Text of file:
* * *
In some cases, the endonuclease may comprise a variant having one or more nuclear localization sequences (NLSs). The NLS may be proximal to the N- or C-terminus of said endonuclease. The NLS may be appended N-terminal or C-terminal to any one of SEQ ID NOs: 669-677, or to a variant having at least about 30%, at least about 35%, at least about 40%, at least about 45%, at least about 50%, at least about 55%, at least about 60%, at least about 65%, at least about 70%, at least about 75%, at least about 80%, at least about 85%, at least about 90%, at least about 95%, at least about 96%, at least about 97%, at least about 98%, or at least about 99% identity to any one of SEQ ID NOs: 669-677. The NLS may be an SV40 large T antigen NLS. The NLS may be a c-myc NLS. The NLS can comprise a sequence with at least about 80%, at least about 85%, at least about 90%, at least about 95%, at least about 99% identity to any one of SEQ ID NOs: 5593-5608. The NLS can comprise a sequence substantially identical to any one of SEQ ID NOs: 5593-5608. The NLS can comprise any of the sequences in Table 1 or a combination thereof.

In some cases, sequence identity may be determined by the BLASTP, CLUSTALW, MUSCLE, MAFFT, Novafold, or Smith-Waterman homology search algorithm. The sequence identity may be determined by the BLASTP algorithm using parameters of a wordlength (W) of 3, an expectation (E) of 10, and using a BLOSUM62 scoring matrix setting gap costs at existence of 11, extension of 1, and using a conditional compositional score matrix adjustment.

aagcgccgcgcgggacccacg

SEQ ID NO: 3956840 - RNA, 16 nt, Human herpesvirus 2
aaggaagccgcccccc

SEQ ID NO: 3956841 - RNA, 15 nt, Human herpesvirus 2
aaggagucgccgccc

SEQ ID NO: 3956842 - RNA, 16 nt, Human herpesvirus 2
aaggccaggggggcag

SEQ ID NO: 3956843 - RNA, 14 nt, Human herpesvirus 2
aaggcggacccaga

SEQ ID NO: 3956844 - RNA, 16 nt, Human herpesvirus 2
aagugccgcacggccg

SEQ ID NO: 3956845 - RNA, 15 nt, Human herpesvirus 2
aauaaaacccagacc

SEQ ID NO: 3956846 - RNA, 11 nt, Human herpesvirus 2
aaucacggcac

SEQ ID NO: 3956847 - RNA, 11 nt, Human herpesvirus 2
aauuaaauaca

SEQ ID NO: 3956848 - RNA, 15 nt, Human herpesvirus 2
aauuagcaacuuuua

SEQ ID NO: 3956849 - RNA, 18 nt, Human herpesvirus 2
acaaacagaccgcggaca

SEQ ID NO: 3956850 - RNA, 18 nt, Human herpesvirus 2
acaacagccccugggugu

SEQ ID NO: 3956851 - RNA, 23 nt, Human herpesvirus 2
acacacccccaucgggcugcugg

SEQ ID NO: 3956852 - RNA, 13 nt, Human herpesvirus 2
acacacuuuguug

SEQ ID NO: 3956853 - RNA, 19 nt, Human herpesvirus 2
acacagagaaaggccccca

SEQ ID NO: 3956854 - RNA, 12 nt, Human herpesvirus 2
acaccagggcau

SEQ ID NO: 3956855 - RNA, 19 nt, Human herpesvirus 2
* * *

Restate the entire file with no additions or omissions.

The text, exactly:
In some cases, the endonuclease may comprise a variant having one or more nuclear localization sequences (NLSs). The NLS may be proximal to the N- or C-terminus of said endonuclease. The NLS may be appended N-terminal or C-terminal to any one of SEQ ID NOs: 669-677, or to a variant having at least about 30%, at least about 35%, at least about 40%, at least about 45%, at least about 50%, at least about 55%, at least about 60%, at least about 65%, at least about 70%, at least about 75%, at least about 80%, at least about 85%, at least about 90%, at least about 95%, at least about 96%, at least about 97%, at least about 98%, or at least about 99% identity to any one of SEQ ID NOs: 669-677. The NLS may be an SV40 large T antigen NLS. The NLS may be a c-myc NLS. The NLS can comprise a sequence with at least about 80%, at least about 85%, at least about 90%, at least about 95%, at least about 99% identity to any one of SEQ ID NOs: 5593-5608. The NLS can comprise a sequence substantially identical to any one of SEQ ID NOs: 5593-5608. The NLS can comprise any of the sequences in Table 1 or a combination thereof.

In some cases, sequence identity may be determined by the BLASTP, CLUSTALW, MUSCLE, MAFFT, Novafold, or Smith-Waterman homology search algorithm. The sequence identity may be determined by the BLASTP algorithm using parameters of a wordlength (W) of 3, an expectation (E) of 10, and using a BLOSUM62 scoring matrix setting gap costs at existence of 11, extension of 1, and using a conditional compositional score matrix adjustment.

aagcgccgcgcgggacccacg

SEQ ID NO: 3956840 - RNA, 16 nt, Human herpesvirus 2
aaggaagccgcccccc

SEQ ID NO: 3956841 - RNA, 15 nt, Human herpesvirus 2
aaggagucgccgccc

SEQ ID NO: 3956842 - RNA, 16 nt, Human herpesvirus 2
aaggccaggggggcag

SEQ ID NO: 3956843 - RNA, 14 nt, Human herpesvirus 2
aaggcggacccaga

SEQ ID NO: 3956844 - RNA, 16 nt, Human herpesvirus 2
aagugccgcacggccg

SEQ ID NO: 3956845 - RNA, 15 nt, Human herpesvirus 2
aauaaaacccagacc

SEQ ID NO: 3956846 - RNA, 11 nt, Human herpesvirus 2
aaucacggcac

SEQ ID NO: 3956847 - RNA, 11 nt, Human herpesvirus 2
aauuaaauaca

SEQ ID NO: 3956848 - RNA, 15 nt, Human herpesvirus 2
aauuagcaacuuuua

SEQ ID NO: 3956849 - RNA, 18 nt, Human herpesvirus 2
acaaacagaccgcggaca

SEQ ID NO: 3956850 - RNA, 18 nt, Human herpesvirus 2
acaacagccccugggugu

SEQ ID NO: 3956851 - RNA, 23 nt, Human herpesvirus 2
acacacccccaucgggcugcugg

SEQ ID NO: 3956852 - RNA, 13 nt, Human herpesvirus 2
acacacuuuguug

SEQ ID NO: 3956853 - RNA, 19 nt, Human herpesvirus 2
acacagagaaaggccccca

SEQ ID NO: 3956854 - RNA, 12 nt, Human herpesvirus 2
acaccagggcau

SEQ ID NO: 3956855 - RNA, 19 nt, Human herpesvirus 2